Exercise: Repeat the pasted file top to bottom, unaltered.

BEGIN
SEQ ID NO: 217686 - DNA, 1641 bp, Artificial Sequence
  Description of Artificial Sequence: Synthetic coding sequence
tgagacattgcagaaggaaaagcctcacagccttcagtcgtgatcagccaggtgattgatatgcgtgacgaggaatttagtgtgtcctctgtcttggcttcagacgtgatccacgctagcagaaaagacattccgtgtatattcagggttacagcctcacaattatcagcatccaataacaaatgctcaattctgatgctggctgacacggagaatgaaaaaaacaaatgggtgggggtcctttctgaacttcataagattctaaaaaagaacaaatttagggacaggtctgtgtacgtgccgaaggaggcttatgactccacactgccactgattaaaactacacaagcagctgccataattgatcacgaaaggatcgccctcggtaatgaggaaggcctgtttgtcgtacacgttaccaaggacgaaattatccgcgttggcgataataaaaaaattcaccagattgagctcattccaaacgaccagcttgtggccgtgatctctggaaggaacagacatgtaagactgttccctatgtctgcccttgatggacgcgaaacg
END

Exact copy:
SEQ ID NO: 217686 - DNA, 1641 bp, Artificial Sequence
  Description of Artificial Sequence: Synthetic coding sequence
tgagacattgcagaaggaaaagcctcacagccttcagtcgtgatcagccaggtgattgatatgcgtgacgaggaatttagtgtgtcctctgtcttggcttcagacgtgatccacgctagcagaaaagacattccgtgtatattcagggttacagcctcacaattatcagcatccaataacaaatgctcaattctgatgctggctgacacggagaatgaaaaaaacaaatgggtgggggtcctttctgaacttcataagattctaaaaaagaacaaatttagggacaggtctgtgtacgtgccgaaggaggcttatgactccacactgccactgattaaaactacacaagcagctgccataattgatcacgaaaggatcgccctcggtaatgaggaaggcctgtttgtcgtacacgttaccaaggacgaaattatccgcgttggcgataataaaaaaattcaccagattgagctcattccaaacgaccagcttgtggccgtgatctctggaaggaacagacatgtaagactgttccctatgtctgcccttgatggacgcgaaacg